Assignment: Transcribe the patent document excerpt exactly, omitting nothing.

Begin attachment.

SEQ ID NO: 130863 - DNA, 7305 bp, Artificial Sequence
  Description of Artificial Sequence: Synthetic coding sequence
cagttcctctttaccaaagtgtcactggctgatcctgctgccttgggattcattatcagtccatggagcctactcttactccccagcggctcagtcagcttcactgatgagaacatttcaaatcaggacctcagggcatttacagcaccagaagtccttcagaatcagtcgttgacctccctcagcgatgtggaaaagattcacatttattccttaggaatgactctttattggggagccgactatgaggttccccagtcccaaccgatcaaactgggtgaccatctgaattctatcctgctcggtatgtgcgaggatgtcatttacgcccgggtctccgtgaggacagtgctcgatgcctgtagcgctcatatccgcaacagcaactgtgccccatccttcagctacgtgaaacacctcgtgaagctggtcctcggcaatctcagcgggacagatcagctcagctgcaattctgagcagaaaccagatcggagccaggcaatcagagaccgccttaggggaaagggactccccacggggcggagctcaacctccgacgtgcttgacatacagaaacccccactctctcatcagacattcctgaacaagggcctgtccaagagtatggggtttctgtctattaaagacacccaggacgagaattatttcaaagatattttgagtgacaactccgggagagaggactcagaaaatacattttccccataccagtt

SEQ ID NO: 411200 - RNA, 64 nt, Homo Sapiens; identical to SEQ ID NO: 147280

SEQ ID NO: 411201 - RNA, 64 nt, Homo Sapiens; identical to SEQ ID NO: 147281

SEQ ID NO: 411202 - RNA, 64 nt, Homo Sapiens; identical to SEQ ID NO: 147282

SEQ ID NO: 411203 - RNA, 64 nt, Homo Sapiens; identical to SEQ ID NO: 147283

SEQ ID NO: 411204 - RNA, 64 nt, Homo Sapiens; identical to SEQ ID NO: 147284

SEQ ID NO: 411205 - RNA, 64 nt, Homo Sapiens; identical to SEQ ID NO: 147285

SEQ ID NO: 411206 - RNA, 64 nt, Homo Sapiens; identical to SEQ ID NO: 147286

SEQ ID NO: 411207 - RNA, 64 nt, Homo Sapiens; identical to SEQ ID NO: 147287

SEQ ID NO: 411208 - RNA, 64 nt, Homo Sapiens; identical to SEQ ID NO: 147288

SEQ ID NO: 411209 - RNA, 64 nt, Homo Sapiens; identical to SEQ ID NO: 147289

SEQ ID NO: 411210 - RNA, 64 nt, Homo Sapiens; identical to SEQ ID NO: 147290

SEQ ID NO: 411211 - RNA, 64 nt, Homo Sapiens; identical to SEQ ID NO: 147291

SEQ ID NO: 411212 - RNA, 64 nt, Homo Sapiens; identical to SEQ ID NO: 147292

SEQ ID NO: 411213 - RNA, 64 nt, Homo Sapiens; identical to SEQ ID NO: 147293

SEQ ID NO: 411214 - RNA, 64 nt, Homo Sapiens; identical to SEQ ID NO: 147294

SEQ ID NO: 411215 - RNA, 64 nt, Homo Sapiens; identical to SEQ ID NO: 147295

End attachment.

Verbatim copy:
SEQ ID NO: 130863 - DNA, 7305 bp, Artificial Sequence
  Description of Artificial Sequence: Synthetic coding sequence
cagttcctctttaccaaagtgtcactggctgatcctgctgccttgggattcattatcagtccatggagcctactcttactccccagcggctcagtcagcttcactgatgagaacatttcaaatcaggacctcagggcatttacagcaccagaagtccttcagaatcagtcgttgacctccctcagcgatgtggaaaagattcacatttattccttaggaatgactctttattggggagccgactatgaggttccccagtcccaaccgatcaaactgggtgaccatctgaattctatcctgctcggtatgtgcgaggatgtcatttacgcccgggtctccgtgaggacagtgctcgatgcctgtagcgctcatatccgcaacagcaactgtgccccatccttcagctacgtgaaacacctcgtgaagctggtcctcggcaatctcagcgggacagatcagctcagctgcaattctgagcagaaaccagatcggagccaggcaatcagagaccgccttaggggaaagggactccccacggggcggagctcaacctccgacgtgcttgacatacagaaacccccactctctcatcagacattcctgaacaagggcctgtccaagagtatggggtttctgtctattaaagacacccaggacgagaattatttcaaagatattttgagtgacaactccgggagagaggactcagaaaatacattttccccataccagtt

SEQ ID NO: 411200 - RNA, 64 nt, Homo Sapiens; identical to SEQ ID NO: 147280

SEQ ID NO: 411201 - RNA, 64 nt, Homo Sapiens; identical to SEQ ID NO: 147281

SEQ ID NO: 411202 - RNA, 64 nt, Homo Sapiens; identical to SEQ ID NO: 147282

SEQ ID NO: 411203 - RNA, 64 nt, Homo Sapiens; identical to SEQ ID NO: 147283

SEQ ID NO: 411204 - RNA, 64 nt, Homo Sapiens; identical to SEQ ID NO: 147284

SEQ ID NO: 411205 - RNA, 64 nt, Homo Sapiens; identical to SEQ ID NO: 147285

SEQ ID NO: 411206 - RNA, 64 nt, Homo Sapiens; identical to SEQ ID NO: 147286

SEQ ID NO: 411207 - RNA, 64 nt, Homo Sapiens; identical to SEQ ID NO: 147287

SEQ ID NO: 411208 - RNA, 64 nt, Homo Sapiens; identical to SEQ ID NO: 147288

SEQ ID NO: 411209 - RNA, 64 nt, Homo Sapiens; identical to SEQ ID NO: 147289

SEQ ID NO: 411210 - RNA, 64 nt, Homo Sapiens; identical to SEQ ID NO: 147290

SEQ ID NO: 411211 - RNA, 64 nt, Homo Sapiens; identical to SEQ ID NO: 147291

SEQ ID NO: 411212 - RNA, 64 nt, Homo Sapiens; identical to SEQ ID NO: 147292

SEQ ID NO: 411213 - RNA, 64 nt, Homo Sapiens; identical to SEQ ID NO: 147293

SEQ ID NO: 411214 - RNA, 64 nt, Homo Sapiens; identical to SEQ ID NO: 147294

SEQ ID NO: 411215 - RNA, 64 nt, Homo Sapiens; identical to SEQ ID NO: 147295